On World Water Day, a day dedicated to taking action for water, a new partnership is celebrating the actions that stem from making connections.
Nearly 3.7 million people in Washington and nearly 3.6 million people in Oregon are dependent on rivers and streams for drinking water. When their sources of drinking water are polluted, those communities suffer. So, too, do the fish who live in the rivers and streams—including salmon and steelhead. Fixing the drinking water infrastructure (filtration systems, pipes, culverts, etc.) benefits both people and wildlife, but states don’t have the billions of dollars needed for infrastructure improvements.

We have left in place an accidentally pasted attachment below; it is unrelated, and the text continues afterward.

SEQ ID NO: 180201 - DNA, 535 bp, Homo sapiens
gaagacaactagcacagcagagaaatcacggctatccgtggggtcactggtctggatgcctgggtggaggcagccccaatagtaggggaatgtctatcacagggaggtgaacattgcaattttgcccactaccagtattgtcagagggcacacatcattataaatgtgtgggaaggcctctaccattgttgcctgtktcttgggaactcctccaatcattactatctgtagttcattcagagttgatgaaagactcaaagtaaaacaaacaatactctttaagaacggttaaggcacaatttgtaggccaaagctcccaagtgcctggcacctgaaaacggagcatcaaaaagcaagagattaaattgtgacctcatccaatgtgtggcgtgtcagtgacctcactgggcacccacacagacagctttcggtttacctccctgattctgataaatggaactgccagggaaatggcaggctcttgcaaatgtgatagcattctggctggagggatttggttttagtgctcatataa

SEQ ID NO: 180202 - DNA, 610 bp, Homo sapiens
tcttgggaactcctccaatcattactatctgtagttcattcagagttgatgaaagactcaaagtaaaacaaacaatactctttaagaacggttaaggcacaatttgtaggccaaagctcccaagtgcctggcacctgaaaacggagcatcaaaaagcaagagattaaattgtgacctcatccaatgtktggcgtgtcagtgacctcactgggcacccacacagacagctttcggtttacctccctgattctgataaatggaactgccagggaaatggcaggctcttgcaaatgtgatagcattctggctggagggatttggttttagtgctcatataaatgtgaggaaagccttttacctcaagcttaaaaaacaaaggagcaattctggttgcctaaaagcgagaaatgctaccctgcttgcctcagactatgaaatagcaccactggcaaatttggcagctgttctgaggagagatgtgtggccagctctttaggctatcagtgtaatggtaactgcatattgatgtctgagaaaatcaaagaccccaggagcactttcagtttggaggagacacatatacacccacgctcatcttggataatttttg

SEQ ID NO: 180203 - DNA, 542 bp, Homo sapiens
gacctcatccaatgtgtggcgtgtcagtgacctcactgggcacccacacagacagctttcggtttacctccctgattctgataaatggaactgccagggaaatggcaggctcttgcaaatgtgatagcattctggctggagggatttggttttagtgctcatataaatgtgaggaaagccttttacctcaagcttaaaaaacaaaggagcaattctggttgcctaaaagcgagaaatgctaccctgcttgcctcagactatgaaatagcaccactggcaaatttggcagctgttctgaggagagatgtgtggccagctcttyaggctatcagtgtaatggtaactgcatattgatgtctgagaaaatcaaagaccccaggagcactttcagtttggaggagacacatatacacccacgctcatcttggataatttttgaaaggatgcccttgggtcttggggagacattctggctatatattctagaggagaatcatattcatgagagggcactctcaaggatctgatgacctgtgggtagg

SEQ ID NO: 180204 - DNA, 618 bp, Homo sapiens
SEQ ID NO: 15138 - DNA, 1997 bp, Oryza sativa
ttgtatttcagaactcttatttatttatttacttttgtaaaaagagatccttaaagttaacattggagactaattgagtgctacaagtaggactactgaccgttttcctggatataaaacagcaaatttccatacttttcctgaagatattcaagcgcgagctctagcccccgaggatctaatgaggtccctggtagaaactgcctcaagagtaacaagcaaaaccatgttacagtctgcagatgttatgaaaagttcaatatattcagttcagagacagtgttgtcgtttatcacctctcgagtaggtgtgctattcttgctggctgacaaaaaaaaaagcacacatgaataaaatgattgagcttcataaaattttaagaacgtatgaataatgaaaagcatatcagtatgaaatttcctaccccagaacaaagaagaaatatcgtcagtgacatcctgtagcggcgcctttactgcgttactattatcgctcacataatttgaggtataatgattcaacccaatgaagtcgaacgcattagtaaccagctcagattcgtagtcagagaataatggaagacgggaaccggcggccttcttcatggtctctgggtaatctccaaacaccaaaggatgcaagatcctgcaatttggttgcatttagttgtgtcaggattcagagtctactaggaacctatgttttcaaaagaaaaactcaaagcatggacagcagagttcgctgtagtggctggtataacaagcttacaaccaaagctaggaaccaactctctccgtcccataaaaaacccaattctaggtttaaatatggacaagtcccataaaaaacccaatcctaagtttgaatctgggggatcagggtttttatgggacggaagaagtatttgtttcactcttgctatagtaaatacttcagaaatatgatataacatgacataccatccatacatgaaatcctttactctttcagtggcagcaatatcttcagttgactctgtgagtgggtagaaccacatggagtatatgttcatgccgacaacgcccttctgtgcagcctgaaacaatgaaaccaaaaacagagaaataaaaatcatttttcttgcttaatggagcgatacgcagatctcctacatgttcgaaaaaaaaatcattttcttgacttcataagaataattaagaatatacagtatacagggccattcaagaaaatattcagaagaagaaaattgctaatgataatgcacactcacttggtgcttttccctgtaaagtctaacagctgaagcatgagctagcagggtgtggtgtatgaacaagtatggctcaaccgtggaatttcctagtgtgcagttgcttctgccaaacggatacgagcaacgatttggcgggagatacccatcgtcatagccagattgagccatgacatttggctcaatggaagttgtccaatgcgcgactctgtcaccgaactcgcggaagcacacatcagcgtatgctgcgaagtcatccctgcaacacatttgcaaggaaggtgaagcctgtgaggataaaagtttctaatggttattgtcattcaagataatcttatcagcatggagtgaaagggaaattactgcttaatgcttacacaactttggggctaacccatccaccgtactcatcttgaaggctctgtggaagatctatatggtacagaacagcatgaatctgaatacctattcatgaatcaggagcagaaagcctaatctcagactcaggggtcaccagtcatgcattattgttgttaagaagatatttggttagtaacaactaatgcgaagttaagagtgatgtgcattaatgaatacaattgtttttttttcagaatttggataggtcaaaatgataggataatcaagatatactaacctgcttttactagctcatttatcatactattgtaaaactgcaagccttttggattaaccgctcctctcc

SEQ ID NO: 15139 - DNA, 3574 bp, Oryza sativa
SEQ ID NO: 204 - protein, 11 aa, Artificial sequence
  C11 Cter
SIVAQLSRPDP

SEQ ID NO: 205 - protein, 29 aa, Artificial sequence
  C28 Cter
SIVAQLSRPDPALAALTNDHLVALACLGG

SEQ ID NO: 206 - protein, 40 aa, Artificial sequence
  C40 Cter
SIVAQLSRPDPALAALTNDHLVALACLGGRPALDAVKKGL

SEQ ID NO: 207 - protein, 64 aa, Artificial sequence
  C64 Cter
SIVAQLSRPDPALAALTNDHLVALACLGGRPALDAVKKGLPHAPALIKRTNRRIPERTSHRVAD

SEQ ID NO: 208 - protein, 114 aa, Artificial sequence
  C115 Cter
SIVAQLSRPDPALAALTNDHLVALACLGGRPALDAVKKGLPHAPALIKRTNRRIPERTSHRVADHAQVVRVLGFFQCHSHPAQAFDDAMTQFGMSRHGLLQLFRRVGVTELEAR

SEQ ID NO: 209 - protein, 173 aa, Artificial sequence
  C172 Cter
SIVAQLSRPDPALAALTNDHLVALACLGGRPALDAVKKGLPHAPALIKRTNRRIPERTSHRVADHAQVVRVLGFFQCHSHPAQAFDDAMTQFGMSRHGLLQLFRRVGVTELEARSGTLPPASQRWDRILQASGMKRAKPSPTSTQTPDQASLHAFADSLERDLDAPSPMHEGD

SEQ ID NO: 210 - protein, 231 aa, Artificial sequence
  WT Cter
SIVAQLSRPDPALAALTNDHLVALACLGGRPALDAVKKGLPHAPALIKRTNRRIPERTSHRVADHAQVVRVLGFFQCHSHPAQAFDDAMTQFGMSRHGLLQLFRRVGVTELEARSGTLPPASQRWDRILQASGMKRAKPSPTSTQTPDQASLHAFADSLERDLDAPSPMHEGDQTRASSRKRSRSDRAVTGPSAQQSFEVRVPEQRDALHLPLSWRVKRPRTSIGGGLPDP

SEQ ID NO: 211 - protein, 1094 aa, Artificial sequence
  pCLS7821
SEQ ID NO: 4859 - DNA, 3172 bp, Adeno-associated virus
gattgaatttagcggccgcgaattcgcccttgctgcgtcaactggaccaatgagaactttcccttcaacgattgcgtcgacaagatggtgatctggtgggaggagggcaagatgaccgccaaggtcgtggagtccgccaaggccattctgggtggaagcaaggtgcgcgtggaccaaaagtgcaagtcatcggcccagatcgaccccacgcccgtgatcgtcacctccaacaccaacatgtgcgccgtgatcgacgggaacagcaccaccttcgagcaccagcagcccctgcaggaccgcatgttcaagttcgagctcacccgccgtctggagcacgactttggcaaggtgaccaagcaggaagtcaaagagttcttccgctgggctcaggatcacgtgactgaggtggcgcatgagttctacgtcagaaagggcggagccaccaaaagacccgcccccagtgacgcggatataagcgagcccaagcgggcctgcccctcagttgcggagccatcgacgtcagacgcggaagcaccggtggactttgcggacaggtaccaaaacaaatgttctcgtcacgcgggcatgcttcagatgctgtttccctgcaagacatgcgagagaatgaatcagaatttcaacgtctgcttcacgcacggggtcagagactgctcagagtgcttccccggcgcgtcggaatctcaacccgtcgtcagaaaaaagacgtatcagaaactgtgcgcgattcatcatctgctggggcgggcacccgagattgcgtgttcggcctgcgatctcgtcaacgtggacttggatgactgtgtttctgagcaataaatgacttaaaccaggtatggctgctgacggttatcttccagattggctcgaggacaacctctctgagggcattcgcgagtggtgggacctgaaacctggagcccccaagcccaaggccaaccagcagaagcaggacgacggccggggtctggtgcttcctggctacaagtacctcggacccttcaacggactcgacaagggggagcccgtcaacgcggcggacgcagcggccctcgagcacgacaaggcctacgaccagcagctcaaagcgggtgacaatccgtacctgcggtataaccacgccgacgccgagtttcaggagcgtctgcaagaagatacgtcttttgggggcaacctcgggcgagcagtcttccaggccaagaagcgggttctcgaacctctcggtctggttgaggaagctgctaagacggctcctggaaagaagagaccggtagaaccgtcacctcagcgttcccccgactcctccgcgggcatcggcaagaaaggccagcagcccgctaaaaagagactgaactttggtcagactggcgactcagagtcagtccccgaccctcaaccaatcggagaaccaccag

Enter the Drinking Water Providers Partnership, comprised of the Geos Institute, U.S. Forest Service, U.S. Bureau of Land Management, Oregon Department of Environmental Quality, Washington Department of Health, U.S. Environmental Protection Agency, and WildEarth Guardians. The partnership made the connection that money being used to restore rivers and streams for threatened salmon runs could also be stretched to provide additional benefits for drinking water. The result: $519,000 worth of projects in Oregon and Washington that will save towns money and save fish’s lives.
Read the press release.